On a beautiful summer evening, over a pint outdoors at Aidan’s Pub, I sat with bass player, guitarist, singer/songwriter Eric Leffingwell, where he spoke of his musical development, the …
On a beautiful summer evening, over a pint outdoors at Aidan’s Pub, I sat with bass player, guitarist, singer/songwriter Eric Leffingwell, where he spoke of his musical development, the importance of simplicity and the Bristol “Brotherhood“ that has been a large part of his life’s journey.
In the pursuit of quiet, we ventured up to the top deck where, except for a visit from a fickle New England August wind swirling about us, we were alone. All other patrons opted for the downstairs dining area and bar, surely due to the forecasted 50 percent chance of rain (which eventually happened, forcing us inside). Here, Leffingwell was in his element. As we entered and exited the pub, more than one fan greeted him with a “Hey Eric“ or a “Are you playing here tonight?“
The lifelong Bristol resident was genuine, humble and lighthearted, yet expressly serious about what it means to be a musician.
“My sisters and brother had a record collection. The Beatles, Steppenwolf, The Hollies, all the ’60s invasion bands as well. That’s how I was exposed to music,“ said Leffingwell. “I remember some of the first albums that I bought for myself were The Partridge Family and The Monkees. I loved all that music, and I just attached to it very quickly.”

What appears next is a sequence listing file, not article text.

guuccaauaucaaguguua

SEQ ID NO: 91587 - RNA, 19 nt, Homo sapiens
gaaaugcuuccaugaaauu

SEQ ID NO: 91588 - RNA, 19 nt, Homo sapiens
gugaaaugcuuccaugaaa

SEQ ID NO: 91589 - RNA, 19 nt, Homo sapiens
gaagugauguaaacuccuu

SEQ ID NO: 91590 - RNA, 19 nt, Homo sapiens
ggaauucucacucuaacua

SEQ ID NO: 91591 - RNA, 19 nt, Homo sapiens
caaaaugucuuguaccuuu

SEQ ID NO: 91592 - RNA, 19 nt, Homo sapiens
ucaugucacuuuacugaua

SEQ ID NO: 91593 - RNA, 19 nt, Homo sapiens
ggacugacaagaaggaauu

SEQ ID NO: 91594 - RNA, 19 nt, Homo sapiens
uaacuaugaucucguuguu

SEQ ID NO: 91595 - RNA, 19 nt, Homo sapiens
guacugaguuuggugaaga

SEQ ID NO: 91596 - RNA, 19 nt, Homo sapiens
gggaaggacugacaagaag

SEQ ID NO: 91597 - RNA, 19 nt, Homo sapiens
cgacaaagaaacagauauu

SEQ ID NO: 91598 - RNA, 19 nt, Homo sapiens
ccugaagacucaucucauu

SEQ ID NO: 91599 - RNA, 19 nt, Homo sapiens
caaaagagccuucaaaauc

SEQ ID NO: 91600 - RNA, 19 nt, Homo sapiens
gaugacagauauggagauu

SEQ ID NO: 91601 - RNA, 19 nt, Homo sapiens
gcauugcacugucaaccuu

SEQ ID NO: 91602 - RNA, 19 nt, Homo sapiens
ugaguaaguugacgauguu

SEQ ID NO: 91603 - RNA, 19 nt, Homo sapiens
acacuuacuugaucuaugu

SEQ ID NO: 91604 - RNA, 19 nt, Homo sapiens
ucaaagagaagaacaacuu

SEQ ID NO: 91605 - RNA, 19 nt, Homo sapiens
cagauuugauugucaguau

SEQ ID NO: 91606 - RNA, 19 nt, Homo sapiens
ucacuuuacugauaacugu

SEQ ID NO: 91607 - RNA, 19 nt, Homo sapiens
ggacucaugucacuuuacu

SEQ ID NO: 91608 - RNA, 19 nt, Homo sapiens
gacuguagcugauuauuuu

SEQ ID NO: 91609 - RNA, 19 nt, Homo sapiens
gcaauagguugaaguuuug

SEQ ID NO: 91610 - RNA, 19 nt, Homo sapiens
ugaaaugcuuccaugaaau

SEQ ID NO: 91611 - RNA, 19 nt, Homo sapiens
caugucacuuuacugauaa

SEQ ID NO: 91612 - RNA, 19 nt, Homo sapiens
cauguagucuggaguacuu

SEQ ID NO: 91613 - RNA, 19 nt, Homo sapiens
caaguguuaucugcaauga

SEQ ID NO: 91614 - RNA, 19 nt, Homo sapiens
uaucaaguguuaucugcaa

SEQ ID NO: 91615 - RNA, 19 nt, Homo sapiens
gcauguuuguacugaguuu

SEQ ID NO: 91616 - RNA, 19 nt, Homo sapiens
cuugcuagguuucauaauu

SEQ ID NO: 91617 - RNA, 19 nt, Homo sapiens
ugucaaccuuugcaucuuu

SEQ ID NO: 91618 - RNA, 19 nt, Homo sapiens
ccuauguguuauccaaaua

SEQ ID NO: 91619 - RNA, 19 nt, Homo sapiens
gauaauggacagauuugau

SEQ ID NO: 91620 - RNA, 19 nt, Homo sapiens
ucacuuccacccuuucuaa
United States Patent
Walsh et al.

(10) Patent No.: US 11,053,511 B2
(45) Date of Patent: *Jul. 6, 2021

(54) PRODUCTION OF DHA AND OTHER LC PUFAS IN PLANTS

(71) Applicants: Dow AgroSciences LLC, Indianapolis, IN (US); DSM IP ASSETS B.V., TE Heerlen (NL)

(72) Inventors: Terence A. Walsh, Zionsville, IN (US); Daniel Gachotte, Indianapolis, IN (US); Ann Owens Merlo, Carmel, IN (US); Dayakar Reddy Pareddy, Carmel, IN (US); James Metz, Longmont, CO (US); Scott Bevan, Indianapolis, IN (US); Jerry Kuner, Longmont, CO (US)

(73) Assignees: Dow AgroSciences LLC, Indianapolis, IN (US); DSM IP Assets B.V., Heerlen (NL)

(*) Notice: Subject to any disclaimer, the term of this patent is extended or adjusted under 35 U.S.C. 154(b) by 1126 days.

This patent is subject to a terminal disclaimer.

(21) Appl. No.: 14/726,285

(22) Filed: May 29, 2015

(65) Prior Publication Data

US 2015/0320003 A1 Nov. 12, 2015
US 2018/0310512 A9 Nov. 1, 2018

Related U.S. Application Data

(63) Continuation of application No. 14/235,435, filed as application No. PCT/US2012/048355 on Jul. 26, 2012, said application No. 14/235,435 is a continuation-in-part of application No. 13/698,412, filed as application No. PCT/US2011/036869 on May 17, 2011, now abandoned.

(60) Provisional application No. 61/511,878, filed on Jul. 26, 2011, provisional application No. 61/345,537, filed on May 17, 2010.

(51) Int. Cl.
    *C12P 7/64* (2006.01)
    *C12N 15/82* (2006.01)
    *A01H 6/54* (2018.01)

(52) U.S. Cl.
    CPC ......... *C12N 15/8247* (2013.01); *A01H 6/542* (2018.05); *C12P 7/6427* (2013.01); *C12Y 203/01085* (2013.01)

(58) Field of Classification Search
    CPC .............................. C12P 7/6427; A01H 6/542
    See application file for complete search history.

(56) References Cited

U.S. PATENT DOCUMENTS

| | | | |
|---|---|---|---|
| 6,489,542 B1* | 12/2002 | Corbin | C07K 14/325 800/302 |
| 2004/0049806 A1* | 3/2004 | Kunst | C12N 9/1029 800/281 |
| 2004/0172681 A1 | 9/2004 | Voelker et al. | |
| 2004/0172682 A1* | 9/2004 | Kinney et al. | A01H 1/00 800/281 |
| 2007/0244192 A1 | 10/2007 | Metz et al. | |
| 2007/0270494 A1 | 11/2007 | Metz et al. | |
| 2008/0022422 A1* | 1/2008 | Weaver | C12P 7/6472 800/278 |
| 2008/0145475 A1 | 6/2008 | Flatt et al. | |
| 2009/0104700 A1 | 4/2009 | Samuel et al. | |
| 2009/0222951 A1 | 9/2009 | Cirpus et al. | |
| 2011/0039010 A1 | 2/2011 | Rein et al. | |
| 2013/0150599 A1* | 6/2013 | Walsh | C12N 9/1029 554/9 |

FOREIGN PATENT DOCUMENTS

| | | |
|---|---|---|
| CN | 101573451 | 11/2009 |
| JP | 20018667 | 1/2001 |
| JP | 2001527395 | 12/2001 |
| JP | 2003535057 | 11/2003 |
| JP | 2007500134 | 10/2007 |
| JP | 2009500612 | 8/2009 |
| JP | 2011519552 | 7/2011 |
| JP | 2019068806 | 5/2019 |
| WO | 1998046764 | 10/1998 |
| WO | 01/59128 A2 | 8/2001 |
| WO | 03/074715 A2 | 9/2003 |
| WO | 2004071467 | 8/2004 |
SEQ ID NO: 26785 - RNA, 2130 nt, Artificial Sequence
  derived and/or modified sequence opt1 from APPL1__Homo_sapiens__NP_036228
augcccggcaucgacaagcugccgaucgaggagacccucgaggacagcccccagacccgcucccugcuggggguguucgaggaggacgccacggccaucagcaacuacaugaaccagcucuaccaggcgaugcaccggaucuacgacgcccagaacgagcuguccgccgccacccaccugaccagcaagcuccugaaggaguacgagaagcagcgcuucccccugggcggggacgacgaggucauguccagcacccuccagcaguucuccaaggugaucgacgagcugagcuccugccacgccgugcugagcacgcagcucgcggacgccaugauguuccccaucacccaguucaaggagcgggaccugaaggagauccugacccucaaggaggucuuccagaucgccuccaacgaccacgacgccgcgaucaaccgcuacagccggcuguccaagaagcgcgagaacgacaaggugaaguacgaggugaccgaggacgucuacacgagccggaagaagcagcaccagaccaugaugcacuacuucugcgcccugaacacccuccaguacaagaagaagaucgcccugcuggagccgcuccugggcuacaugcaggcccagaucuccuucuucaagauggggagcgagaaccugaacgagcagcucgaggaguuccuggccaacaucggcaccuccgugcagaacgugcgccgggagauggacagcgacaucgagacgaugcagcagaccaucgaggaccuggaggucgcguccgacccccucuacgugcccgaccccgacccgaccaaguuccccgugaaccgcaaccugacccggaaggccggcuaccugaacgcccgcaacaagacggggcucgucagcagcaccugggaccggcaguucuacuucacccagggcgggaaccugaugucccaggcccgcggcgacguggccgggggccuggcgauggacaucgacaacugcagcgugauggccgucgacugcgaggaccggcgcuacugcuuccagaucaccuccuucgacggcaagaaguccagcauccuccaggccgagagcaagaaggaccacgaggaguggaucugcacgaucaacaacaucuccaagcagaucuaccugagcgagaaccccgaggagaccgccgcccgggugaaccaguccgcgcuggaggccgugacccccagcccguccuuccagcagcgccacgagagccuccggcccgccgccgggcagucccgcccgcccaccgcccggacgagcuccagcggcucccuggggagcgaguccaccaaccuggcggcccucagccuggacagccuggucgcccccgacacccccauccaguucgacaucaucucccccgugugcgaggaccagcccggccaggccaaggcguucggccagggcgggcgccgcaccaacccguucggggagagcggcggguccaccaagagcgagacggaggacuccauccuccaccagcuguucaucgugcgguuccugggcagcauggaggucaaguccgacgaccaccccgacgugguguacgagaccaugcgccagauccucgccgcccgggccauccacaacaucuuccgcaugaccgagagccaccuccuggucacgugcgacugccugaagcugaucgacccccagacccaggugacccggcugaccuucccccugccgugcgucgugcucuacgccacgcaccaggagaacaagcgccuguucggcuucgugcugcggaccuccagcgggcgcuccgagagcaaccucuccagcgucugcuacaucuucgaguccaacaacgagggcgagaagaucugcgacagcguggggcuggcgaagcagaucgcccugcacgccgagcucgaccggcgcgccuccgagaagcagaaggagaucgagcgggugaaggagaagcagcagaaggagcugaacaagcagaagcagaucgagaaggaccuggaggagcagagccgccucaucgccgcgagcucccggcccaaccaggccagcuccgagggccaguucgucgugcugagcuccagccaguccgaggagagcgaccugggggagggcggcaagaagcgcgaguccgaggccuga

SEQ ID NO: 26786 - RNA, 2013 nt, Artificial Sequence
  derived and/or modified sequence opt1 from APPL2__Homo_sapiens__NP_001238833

“ I started playing music at the age of about 12 or 13,“ said Leffingwell. “I got a guitar, like everyone else did, and took some lessons from Alfred’s across the street from the Wood Street Cafe … After that, when I got a few years older, about 16 or 17, I started working with a local band called ‘The Pull’.”
But Leffingwell wasn’t a musician in the band. He performed a different yet no less important function.
“I was a roadie for the band. I was working with and hanging out with the guys. The guitar player was David Matos, who is now a successful Broadway musician and tours with many companies,” said Leffingwell. “He pretty much taught me the basics of the guitar and helped prepare me for my path and towards my next step.”
A high school roadie
Typically, musicians spend their formative years playing in bands to learn the ropes, and Leffingwell had many contemporaries who did just that, ’bashing it out in a garage’, but he chose a different path. As a roadie he was discovering songs, getting tutored and learning about the nuts and bolts of a working band environment.